Fledgling Season and Bobolinks Part Two

I know they're hard to see, but there are three baby barn swallows on our roof. For the past week we've been hosting flight school. Our neighbor's barn swallows sail all over our yard calling (begging too) and presumably snatching up bugs. When the babies tire, they rest on the roof and beg some more. The parents zoom by and feed them.

I know they’re hard to see, but there are three baby barn swallows on our roof. For the past week we’ve been hosting flight school. Our neighbor’s barn swallows sail all over our yard calling (begging too) and presumably snatching up bugs. When the babies tire, they rest on the roof and beg some more. The parents zoom by and feed them.

I’ve been holding off posting this, but I think it’s safe to say the bobolinks have made it this year, assuming their nests didn’t wash out during all the rain. The hay, more golden each day, still stands. The birds are skulking in their grassland forest, no longer perched on swaying tips singing their crazy R2D2 song. It’s getting quieter by the day as other birds finish breeding too. The robins are still up at 4:30 proclaiming their joy–or at least their address–to all the other robins in hearing distance. The phoebe, who is househunting for a second brood, is right behind him along with the common yellow throat (witchety witchety witchety). The savannah sparrows chime in a little later, but by 6, things have really settled down. On my bike rides I’m still hearing plenty of warblers, but I know we’re past the peak.

Our tree swallows and bluebirds are working their wings off trying to launch their broods. They should fledge within the week.

The bobolinks have stopped singing altogether. Usually it’s more of a tapering off of song as though some invisible hand is turning down the volume. But this year, it was more like someone pressed the power button and shut off the whole show. I think that’s OK. I think it means the bobolinks are no longer so much under the influence of raging hormones and are putting more energy into molting. They must replace their flight feathers for the long trip back to the Pampas where they winter. I can still see their heads when they surface above the canopy, and I can hear their distinctive “check” call in the grass–listening to them right now as a matter of fact–but no more bubbling arias.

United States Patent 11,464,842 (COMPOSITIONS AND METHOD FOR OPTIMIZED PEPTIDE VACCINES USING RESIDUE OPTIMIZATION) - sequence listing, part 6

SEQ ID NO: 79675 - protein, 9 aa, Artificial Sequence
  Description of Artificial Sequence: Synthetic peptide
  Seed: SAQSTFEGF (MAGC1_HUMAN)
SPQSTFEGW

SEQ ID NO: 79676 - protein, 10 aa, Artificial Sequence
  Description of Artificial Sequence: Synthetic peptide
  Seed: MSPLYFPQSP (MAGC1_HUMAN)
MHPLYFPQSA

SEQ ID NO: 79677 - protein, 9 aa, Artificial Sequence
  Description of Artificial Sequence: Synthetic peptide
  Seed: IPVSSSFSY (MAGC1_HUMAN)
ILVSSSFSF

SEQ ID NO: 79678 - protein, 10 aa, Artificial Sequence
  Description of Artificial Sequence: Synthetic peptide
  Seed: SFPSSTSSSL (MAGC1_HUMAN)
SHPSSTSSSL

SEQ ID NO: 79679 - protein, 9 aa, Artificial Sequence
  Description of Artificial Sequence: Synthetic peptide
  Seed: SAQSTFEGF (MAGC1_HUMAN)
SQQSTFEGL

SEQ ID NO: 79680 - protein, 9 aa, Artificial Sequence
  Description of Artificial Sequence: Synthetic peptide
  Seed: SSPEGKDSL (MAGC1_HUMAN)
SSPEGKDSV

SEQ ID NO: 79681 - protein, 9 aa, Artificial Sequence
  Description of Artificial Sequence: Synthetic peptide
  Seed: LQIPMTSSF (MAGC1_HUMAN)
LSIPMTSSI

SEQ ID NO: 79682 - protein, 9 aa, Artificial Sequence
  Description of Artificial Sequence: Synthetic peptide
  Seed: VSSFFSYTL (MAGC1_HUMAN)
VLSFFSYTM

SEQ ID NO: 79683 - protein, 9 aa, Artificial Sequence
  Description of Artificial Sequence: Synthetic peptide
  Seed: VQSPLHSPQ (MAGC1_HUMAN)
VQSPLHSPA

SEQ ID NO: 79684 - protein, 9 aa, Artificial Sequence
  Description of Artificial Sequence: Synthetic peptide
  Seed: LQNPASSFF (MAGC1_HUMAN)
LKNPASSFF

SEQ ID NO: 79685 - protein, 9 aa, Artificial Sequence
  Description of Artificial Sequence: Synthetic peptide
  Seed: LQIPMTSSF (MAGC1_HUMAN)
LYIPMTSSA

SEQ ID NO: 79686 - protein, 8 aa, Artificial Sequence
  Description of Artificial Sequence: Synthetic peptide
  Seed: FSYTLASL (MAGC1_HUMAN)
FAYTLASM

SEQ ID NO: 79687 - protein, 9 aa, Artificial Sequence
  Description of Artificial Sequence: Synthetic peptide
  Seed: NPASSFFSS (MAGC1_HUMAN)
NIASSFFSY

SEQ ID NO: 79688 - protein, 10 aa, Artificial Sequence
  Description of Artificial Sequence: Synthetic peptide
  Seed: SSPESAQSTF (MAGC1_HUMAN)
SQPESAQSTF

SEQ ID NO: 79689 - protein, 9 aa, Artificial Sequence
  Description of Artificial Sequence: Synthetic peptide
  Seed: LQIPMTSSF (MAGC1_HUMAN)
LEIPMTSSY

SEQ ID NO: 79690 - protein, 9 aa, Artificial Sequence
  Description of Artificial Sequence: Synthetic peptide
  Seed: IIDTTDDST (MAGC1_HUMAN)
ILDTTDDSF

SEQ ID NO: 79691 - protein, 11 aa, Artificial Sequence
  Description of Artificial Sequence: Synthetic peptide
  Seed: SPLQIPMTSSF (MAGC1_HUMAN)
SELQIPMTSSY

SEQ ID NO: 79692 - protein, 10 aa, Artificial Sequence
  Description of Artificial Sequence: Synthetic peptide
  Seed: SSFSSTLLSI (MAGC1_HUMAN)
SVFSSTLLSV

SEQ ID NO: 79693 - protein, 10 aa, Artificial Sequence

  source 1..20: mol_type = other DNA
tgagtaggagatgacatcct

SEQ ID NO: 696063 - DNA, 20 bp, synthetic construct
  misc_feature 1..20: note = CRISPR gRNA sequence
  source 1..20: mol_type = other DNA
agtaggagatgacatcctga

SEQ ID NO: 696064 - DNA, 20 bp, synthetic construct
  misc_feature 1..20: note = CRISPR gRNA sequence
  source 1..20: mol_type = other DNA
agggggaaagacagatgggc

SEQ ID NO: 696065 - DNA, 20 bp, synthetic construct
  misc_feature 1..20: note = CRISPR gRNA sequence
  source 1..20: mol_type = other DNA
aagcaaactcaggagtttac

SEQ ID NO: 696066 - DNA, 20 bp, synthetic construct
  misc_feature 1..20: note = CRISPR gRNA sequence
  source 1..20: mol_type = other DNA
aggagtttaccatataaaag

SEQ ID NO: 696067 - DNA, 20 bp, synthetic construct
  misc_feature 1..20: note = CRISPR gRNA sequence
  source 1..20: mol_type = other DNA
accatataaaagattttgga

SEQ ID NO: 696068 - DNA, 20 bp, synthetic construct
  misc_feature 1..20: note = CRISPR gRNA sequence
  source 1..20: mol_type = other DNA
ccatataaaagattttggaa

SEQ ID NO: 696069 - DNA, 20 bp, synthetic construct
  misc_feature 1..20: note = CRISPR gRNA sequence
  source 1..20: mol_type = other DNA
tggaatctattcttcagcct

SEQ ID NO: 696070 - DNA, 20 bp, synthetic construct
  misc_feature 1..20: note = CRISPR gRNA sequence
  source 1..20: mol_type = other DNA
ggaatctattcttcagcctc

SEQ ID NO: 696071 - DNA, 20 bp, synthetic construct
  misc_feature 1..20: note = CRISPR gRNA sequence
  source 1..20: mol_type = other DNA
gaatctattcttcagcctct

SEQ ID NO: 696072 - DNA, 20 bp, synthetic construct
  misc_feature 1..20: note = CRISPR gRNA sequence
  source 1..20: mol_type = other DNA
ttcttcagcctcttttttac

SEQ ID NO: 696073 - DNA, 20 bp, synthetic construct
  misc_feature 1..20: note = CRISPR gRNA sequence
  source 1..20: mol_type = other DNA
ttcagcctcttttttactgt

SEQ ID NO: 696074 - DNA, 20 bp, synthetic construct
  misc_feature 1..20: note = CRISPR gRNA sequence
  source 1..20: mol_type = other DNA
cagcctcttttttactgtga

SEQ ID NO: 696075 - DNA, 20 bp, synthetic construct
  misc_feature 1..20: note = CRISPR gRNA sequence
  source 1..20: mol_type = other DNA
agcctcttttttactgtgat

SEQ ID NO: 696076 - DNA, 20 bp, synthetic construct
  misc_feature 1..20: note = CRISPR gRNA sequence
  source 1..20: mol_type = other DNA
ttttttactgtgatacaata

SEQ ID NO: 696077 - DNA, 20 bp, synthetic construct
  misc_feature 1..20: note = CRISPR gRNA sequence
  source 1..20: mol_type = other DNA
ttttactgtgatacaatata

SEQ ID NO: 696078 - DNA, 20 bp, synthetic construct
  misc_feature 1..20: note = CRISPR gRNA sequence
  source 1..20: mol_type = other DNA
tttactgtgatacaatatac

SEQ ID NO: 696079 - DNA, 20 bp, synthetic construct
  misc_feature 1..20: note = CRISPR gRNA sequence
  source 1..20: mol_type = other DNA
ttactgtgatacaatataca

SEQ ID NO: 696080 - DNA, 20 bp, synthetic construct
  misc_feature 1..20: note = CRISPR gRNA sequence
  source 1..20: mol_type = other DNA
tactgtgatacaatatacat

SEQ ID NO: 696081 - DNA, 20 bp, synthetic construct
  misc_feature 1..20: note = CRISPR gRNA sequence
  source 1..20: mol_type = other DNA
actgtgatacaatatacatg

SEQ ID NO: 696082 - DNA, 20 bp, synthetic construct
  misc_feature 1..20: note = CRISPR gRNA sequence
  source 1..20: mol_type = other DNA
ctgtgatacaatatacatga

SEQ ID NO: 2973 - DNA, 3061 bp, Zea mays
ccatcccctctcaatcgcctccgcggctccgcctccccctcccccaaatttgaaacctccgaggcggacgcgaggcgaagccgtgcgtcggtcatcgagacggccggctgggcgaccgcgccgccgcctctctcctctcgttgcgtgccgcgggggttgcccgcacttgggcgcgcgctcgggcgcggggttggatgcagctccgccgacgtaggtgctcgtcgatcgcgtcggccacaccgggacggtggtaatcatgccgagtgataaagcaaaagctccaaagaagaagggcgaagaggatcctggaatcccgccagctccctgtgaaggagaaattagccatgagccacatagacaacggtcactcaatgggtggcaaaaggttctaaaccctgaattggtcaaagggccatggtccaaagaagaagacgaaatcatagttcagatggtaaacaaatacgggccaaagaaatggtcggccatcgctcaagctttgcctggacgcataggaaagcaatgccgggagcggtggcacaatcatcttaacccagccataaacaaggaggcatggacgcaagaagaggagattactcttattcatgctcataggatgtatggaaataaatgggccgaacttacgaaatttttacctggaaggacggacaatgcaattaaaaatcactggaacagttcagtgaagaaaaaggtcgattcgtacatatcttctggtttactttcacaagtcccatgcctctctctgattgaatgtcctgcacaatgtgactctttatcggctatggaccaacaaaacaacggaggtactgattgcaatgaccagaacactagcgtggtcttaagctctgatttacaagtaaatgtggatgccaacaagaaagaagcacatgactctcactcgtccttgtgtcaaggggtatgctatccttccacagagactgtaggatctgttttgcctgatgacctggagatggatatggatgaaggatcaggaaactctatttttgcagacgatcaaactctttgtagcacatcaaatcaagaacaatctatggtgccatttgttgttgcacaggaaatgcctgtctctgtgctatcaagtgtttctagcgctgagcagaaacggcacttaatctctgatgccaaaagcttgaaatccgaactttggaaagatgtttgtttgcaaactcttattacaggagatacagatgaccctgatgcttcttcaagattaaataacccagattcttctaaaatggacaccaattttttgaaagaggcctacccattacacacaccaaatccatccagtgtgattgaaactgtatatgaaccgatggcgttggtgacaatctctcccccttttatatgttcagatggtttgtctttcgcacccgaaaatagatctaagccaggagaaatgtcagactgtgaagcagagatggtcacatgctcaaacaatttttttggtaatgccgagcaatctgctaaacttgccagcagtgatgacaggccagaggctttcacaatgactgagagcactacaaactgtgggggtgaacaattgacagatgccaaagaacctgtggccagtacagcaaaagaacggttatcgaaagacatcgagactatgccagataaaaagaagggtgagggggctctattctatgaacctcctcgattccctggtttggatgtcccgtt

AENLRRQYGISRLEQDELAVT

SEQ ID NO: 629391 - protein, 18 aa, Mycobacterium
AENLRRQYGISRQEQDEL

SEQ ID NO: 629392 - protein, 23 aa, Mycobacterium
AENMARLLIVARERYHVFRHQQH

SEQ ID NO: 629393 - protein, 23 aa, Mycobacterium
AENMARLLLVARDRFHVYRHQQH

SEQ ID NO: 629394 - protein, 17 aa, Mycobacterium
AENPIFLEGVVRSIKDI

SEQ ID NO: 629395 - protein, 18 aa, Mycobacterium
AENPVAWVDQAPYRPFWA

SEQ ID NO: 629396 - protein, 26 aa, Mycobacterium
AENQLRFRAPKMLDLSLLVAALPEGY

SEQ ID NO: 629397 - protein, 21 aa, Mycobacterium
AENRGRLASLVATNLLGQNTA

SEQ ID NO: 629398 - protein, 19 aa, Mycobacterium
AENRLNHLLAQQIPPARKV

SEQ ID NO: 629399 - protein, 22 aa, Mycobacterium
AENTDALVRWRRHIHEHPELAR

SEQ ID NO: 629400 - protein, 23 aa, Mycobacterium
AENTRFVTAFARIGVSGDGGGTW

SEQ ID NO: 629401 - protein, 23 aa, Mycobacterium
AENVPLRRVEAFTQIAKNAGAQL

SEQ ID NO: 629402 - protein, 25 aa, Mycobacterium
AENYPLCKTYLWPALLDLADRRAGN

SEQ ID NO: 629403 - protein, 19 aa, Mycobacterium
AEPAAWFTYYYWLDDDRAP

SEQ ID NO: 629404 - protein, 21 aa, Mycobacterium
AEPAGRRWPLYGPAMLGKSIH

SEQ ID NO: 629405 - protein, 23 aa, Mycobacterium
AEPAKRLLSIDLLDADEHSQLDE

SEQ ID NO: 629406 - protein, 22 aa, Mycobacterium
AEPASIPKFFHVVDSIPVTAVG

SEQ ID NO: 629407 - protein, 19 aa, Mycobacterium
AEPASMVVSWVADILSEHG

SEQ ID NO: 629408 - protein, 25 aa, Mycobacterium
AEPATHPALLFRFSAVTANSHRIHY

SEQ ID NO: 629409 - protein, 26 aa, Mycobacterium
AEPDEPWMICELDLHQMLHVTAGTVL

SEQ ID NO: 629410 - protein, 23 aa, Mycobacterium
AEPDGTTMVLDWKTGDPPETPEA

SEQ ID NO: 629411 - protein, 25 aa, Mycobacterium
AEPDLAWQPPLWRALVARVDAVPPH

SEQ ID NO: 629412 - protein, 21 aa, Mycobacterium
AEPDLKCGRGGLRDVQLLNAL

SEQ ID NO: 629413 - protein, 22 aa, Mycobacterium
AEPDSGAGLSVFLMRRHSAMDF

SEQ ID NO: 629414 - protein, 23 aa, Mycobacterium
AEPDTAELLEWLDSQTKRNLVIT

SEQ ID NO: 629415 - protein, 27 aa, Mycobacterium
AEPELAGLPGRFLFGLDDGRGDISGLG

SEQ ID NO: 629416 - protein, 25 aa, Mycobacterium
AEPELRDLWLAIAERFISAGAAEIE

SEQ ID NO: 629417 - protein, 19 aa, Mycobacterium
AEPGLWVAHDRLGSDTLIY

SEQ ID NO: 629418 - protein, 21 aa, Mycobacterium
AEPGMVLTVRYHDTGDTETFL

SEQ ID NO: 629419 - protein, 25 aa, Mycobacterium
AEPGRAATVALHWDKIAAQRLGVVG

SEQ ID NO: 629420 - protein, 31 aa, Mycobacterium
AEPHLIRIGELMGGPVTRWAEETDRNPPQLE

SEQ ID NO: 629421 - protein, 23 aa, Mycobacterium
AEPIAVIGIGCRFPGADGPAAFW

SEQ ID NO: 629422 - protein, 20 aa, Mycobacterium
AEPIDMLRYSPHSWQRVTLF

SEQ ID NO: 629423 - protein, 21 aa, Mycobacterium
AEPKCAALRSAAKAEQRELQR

The hay, meanwhile, is magnificent, though I know farmers are ready to weep. Though they used to hay in July in the past (which helped grassland birds maintain their populations) science now tells us each day the hay loses nutrition and farmers’ costs rise (they must find other hay or feed expensive grain). I may regret this when I buy meat or dairy products later this year, but for now all I can say is wave on.


Suddenly It’s Summer

When the monsoon finally ended this week (or at least took a break), the calendar flipped to July and the heat cranked up. I have spent the past few weeks reading obsessively about sustainable farming, heirloom fruit and vegetable conservation, and food security, issues that all intersect. I recommend the following:

1. A Place at the Table (OK, not a book, but a must-see documentary.)